The best way to look at it is to teach the players to control what they can control and not worry about the stuff they can't. It's frustrating but in the end a very important life lesson.
     
  7. Humphrey

    Humphrey Member SoSH Member

    Messages:
    690
    Coached/watched my daughter 8-9 years (it went fast) ago in an in-town program. My lasting memory of officiating (by high school basketball players that should have known better) was watching kids on some teams try to set a pick and have the "pick" look like tiny Joe Thuney's set up to block an onrushing defensive lineman. Or, in some cases, act like a pulling guard. And, in the spirit of the level of competition, I would speak to the officials and tell them in so many words, "you don't have to call a foul, just tell the kids they can't set a pick like that". Didn't help.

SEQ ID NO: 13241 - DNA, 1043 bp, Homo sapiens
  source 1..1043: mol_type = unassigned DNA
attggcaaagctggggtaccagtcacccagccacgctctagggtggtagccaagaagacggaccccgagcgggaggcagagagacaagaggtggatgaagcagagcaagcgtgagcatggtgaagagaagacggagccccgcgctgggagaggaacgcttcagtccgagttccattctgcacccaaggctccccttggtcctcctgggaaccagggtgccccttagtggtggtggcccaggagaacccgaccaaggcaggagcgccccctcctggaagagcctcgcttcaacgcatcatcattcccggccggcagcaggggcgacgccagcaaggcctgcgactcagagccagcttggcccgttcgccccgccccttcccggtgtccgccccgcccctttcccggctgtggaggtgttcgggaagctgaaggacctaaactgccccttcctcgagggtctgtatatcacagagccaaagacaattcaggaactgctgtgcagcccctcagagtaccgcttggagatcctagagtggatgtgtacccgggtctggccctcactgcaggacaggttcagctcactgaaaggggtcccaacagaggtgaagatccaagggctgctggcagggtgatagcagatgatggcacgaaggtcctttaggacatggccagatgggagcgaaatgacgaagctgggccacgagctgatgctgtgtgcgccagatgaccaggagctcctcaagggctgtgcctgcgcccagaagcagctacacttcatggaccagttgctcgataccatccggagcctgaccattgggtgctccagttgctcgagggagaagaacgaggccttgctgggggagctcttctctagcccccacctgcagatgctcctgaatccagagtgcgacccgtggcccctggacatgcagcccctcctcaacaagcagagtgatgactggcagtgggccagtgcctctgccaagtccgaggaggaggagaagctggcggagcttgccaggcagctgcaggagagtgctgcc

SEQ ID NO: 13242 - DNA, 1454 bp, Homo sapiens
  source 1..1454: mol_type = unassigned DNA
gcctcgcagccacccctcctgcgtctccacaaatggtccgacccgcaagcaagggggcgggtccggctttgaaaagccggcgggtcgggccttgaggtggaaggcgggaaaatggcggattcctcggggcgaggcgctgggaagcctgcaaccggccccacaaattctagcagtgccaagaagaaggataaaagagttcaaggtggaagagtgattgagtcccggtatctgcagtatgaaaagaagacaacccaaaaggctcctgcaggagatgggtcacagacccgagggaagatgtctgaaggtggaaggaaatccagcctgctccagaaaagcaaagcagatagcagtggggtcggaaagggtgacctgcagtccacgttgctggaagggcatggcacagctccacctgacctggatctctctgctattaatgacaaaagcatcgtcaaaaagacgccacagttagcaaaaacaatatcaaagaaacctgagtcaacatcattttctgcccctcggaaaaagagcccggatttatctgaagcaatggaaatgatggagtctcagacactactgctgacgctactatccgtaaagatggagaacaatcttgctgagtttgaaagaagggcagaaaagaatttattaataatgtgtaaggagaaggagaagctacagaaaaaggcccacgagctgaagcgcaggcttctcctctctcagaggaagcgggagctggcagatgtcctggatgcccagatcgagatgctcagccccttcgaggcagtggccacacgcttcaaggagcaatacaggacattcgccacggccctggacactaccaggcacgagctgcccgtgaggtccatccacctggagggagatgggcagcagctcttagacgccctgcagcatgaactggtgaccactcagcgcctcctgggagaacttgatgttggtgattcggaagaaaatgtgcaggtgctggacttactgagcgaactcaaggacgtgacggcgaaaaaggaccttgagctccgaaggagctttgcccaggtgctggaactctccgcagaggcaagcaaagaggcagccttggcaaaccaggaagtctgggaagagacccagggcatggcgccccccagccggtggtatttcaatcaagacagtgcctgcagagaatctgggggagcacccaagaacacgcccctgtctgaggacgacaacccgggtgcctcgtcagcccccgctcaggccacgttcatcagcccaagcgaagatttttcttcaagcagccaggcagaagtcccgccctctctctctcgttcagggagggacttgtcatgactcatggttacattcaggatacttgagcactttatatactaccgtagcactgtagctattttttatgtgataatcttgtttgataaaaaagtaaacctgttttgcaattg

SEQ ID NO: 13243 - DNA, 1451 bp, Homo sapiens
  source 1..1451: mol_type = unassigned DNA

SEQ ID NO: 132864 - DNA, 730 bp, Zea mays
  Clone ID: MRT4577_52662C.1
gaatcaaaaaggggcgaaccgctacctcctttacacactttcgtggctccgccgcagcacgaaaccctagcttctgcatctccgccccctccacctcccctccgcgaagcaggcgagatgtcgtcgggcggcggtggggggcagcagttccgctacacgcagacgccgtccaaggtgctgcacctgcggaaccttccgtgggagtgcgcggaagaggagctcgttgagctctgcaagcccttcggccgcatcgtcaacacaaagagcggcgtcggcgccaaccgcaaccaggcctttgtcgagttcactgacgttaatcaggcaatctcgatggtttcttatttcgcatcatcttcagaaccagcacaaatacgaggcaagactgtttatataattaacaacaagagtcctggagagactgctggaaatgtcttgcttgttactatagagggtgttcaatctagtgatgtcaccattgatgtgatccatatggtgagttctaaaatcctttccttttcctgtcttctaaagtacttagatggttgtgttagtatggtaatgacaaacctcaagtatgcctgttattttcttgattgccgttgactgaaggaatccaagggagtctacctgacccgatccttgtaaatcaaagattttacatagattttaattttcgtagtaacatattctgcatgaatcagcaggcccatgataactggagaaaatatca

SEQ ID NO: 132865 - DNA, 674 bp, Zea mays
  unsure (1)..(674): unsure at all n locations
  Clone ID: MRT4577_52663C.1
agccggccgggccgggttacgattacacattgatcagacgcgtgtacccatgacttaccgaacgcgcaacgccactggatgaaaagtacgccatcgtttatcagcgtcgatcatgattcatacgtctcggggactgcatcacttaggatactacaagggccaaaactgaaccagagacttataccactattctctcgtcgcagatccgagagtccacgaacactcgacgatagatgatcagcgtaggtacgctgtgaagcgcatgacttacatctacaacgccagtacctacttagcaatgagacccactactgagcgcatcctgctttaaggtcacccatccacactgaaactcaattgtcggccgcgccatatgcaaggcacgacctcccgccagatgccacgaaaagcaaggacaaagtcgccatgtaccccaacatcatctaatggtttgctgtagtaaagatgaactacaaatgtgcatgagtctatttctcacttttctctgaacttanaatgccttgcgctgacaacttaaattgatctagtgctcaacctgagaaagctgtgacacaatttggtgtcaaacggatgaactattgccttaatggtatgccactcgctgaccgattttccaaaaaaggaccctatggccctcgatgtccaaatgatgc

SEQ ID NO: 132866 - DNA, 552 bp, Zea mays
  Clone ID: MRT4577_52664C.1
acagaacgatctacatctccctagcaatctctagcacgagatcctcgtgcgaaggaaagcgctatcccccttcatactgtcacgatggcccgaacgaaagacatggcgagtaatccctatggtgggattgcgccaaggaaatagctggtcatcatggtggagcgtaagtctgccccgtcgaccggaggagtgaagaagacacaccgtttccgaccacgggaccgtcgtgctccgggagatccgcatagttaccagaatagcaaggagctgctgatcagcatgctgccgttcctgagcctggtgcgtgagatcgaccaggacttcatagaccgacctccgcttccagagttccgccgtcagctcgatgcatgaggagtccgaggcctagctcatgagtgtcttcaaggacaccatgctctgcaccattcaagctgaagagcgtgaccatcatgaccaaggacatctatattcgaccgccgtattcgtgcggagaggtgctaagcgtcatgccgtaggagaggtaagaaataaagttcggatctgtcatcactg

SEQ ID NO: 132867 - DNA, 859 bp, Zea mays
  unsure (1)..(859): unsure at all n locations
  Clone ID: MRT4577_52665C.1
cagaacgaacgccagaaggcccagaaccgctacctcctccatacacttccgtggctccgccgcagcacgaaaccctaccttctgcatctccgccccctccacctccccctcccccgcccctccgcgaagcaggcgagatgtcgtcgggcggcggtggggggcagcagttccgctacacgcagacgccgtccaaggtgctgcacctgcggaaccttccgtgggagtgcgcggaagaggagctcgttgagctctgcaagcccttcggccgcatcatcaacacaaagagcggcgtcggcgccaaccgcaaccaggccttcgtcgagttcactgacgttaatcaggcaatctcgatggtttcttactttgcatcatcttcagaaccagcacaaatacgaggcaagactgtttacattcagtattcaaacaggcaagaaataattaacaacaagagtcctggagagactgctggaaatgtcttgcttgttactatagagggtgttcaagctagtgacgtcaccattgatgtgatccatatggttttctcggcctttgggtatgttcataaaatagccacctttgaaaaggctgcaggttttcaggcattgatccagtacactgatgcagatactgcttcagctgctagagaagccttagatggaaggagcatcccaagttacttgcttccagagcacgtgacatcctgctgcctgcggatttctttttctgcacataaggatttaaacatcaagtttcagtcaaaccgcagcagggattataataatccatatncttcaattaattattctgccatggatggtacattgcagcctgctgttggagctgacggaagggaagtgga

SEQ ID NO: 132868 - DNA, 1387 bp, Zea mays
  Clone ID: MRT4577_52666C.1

8. Omar's Wacky Neighbor

    Omar's Wacky Neighbor Well-Known Member Lifetime Member SoSH Member

    Messages:
    7,481
    The one hoops ref moment I'll always remember is seeing a jump ball called when two players tied up a loose ball with equal possession. Yup, both players were on the same team.
     
  9. Humphrey

    Humphrey Member SoSH Member

    Messages:
    690
    I guess that's better than in soccer, where the rule book states you can eject a player for punching another player....and specifies it doesn't matter if the other player is an opponent or a teammate!
     
  10. swiftaw

    swiftaw Member SoSH Member

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    1,898